Champagne Design — PowerPoint Design

I do your presentation props — PowerPoint & Prezi

Inserting Symbols in PowerPoint

3 Ways to Insert Symbols in PowerPoint

Quite a multitude of ways to insert symbols in PowerPoint. Choose a method you like and fall back on the others when in doubt. I’ll tell you right away, the last method is the fastest and most efficient. The one I use.

Below is a screen grab of the Symbols icon on the PowerPoint interface, buried in submenus.

Method 1 — Insert Symbol using PowerPoint’s utility

7 tedious clicks to insert a tiny symbol!

7 tedious clicks to insert a tiny symbol!

  1. Place your cursor in your text box, where you need that symbol. The Symbol icon will only be active if you have clicked inside a text box, otherwise it’s greyed-out.
  2. Click on the insert tab.
  3. Move your mouse to the right end of the ribbon and click the Symbol icon.
  4. A window appears with an enormous selection of symbols. Hopefully the symbol you need is located in the normal text series i.e., the font series you are presently using as a default. Otherwise there are 3 wingding series or the symbol series available in the font pull-down menu. Thousands available. You just have to figure out where your symbol is hiding.
  5. We will use the Euro symbol for this example. Once you have located the symbol, click on it, it will appear in the list of recently used symbols, below the main series.
  6. Then you can click insert.
  7. Click close!

Now wasn’t that tedious! A bit faster next time, if you need the same symbol, as it will appear in the bottom list of recently used symbols.

Method 2 — Insert Symbol using the PC’s Character Map

A second way to insert symbols is by pulling-up the character map from your PC’s system menu. The Character Map is located in the
Start Menu / All Programs / Accessories / System Tools /  Character Map

Character-Map icon

Character-Map icon

That’s already way too many clicks, five, and we haven’t even found the symbol we need. If you like the Character Map utility, drag a shortcut to your start menu, it will shorten that path.

Character-Map-window

Character-Map-window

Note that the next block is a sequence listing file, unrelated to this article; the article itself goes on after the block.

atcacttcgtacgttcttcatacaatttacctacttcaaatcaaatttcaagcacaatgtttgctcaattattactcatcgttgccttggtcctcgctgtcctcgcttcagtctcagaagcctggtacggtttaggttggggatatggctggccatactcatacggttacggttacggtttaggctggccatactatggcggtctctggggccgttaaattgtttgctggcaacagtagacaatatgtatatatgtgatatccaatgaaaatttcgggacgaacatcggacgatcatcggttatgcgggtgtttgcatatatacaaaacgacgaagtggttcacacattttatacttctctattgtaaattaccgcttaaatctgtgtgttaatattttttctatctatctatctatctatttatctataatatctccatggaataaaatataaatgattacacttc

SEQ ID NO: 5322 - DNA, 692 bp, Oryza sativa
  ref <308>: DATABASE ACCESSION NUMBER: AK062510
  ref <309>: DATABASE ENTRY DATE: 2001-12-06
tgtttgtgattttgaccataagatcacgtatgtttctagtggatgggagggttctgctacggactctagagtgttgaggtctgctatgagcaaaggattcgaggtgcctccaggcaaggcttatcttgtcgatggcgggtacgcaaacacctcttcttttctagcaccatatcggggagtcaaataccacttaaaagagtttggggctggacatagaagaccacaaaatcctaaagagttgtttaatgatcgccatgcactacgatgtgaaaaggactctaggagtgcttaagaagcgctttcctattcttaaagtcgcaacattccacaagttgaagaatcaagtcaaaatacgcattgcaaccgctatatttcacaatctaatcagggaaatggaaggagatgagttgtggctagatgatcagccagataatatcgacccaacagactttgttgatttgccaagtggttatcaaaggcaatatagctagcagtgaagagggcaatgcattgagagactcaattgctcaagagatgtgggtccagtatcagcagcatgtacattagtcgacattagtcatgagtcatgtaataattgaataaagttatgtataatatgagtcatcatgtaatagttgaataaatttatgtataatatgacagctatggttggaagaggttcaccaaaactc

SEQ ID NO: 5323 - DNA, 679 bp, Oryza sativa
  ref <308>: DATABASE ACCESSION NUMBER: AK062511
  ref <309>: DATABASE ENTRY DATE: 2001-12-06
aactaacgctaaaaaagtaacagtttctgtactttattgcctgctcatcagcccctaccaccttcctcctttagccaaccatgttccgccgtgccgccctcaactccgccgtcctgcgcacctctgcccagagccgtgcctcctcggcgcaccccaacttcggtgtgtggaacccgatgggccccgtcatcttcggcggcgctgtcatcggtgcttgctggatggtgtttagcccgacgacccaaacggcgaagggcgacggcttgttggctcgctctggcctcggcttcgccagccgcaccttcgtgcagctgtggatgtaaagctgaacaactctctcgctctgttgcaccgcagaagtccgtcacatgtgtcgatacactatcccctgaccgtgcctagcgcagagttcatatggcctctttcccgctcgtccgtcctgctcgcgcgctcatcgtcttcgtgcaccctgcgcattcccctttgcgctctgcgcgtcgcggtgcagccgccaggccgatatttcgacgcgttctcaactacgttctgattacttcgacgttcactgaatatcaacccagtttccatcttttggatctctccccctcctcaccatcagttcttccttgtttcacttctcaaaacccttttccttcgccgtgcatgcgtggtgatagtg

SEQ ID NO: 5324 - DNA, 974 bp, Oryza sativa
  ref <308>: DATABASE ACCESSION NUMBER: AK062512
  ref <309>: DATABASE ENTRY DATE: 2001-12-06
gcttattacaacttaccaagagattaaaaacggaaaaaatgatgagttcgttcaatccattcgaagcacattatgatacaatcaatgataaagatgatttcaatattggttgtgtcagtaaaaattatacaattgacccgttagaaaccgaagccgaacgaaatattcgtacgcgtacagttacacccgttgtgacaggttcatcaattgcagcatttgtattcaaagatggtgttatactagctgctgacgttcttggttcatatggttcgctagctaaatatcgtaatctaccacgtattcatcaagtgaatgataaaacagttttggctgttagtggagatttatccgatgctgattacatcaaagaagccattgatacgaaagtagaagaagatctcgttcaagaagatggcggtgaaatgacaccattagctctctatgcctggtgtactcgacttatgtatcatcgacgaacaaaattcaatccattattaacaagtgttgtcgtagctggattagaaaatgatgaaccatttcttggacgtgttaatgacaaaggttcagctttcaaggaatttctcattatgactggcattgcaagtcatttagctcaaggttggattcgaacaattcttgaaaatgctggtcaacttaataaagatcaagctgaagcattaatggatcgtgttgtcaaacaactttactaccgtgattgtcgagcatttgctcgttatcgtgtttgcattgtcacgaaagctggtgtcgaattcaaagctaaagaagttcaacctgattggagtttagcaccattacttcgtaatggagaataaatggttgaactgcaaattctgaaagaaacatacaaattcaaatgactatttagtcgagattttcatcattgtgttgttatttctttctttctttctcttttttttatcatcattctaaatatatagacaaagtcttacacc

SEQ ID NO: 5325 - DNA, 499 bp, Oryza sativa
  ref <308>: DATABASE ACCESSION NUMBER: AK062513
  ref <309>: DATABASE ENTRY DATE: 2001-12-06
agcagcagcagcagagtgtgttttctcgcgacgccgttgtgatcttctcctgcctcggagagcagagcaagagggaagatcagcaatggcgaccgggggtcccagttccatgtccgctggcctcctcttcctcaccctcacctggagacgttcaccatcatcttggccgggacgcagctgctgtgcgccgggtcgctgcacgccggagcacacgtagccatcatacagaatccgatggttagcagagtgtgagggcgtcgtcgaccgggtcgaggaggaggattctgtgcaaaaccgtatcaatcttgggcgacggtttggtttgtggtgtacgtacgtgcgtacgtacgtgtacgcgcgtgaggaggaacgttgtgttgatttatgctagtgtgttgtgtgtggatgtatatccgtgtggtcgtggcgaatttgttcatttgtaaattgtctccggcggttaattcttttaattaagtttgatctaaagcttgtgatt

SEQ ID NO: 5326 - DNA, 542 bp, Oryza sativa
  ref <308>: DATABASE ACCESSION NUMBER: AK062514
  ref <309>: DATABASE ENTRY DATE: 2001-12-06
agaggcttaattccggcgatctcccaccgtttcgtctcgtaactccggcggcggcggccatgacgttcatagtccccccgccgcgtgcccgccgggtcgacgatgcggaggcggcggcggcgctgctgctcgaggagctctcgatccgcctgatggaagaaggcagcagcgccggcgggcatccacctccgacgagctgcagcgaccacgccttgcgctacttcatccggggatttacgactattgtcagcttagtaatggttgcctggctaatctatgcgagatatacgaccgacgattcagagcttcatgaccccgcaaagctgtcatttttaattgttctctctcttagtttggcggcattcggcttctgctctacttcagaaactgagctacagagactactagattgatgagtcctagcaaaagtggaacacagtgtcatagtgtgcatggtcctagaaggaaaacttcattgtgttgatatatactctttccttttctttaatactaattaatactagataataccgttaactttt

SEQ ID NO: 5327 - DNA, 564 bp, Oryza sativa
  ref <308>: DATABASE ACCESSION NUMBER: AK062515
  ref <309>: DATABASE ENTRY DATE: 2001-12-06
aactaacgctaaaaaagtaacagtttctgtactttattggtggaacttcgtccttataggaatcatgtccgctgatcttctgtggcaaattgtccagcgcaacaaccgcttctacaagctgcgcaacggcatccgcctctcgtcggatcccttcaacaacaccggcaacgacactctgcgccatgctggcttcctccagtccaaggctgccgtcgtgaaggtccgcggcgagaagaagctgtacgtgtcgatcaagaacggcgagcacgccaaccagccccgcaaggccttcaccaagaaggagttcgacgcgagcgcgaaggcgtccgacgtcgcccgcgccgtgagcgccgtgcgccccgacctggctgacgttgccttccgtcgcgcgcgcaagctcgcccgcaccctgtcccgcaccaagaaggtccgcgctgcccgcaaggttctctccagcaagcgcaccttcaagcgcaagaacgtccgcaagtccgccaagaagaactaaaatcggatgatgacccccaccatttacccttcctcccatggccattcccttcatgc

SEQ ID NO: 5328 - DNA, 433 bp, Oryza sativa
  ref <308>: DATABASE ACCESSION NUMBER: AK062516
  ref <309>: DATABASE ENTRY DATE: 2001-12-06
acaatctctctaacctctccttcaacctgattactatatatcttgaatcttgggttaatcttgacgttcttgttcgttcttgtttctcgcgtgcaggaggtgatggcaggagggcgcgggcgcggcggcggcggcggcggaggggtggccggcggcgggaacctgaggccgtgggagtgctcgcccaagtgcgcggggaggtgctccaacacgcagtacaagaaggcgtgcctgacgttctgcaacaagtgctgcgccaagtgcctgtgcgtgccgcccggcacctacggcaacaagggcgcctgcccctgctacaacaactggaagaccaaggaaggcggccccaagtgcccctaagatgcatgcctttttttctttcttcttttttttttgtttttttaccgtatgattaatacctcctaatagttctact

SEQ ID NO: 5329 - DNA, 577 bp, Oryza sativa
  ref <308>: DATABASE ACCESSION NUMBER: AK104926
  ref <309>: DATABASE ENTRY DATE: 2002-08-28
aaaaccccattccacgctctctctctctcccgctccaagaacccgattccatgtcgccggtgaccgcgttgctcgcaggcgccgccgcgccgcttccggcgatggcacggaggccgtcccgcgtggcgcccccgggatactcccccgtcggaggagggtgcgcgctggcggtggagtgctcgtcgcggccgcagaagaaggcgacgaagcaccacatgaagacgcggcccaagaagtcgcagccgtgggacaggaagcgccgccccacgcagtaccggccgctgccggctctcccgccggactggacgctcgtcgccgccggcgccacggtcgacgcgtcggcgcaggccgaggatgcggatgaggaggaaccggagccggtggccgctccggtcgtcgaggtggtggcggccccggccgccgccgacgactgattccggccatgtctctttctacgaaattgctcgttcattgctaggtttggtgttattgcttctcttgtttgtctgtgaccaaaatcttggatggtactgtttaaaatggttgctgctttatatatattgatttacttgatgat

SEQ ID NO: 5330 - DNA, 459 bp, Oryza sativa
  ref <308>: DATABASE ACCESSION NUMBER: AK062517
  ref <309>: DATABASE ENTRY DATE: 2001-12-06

Here we go for the second method:

  1. Click the Start menu
  2. Click on All Programs
  3. Click on the Accessories folder
  4. Click on the System Tools sub-folder
  5. Click on the Character Map icon
  6. Scroll to locate your symbol (I found the Euro symbol 11 scroll clicks down in the list!)
  7. Click on the symbol
  8. Click the Select button, it will appear in the Characters to Copy window below
  9. Then click copy. This copies the symbol to your clipboard in memory. No close button here. Just close the Character Map utility.
  10. Go back yo PowerPoint
  11. Click in your text box, where you need that symbol
  12. Click paste in the Home tab( or CTRL-V)

That was 23 clicks to insert a tiny symbol. Ridiculous. Worse than method 1, above.

Method 3 — Insert symbols using ALT key combos 

My favourite method to insert symbols. It requires a bit of memory. Or else a cheat sheet pinned somewhere close by.
If you look at the screen-grab above, the Character Map window, have a look at the bottom Advanced View area. It lists the ALT-key combinations you can use to accomplish your insert-symbol task, much more quickly. Way in the bottom right corner it says that the keystroke for the Euro symbol is ALT-0128. I’ve circled it.
Here we go for method 3:

  1. Place your cursor in your text box, where you want that symbol
  2. Click and hold the ALT key, and at the same time punch in those four digits and let go the ALT key

That was 5 keystrokes! A winner method for me.

Here are the keystrokes I’ve memorize and use daily:

Alt 0150 for the en dash – a dash as long as the letter “n” –
Alt 0151 for the em dash — a dash as long as the letter “m” —

And a few more useful ones

Alt 0169    ©
Alt 0150    –
Alt 0151    —
Alt 0153    ™
Alt 0176    °
Alt 1       ☺
Alt 0188   ¼
Alt 0189    ½
Alt 0190   ¾
Alt 0149    •
ALT 0183  ·
Alt 0128 €

There are many lists on the web showing you all of theses codes. Google “ASCII table” or ASCII list” and you’ll certainly find a site easier to use than the Character Map.Here’s one for Alt Key Combos http://www.forlang.wsu.edu/help/keyboards.asp

☺(Alt 1)

Leave a Reply

Fill in your details below or click an icon to log in:

WordPress.com Logo

You are commenting using your WordPress.com account. Log Out / Change )

Twitter picture

You are commenting using your Twitter account. Log Out / Change )

Facebook photo

You are commenting using your Facebook account. Log Out / Change )

Google+ photo

You are commenting using your Google+ account. Log Out / Change )

Connecting to %s

%d bloggers like this: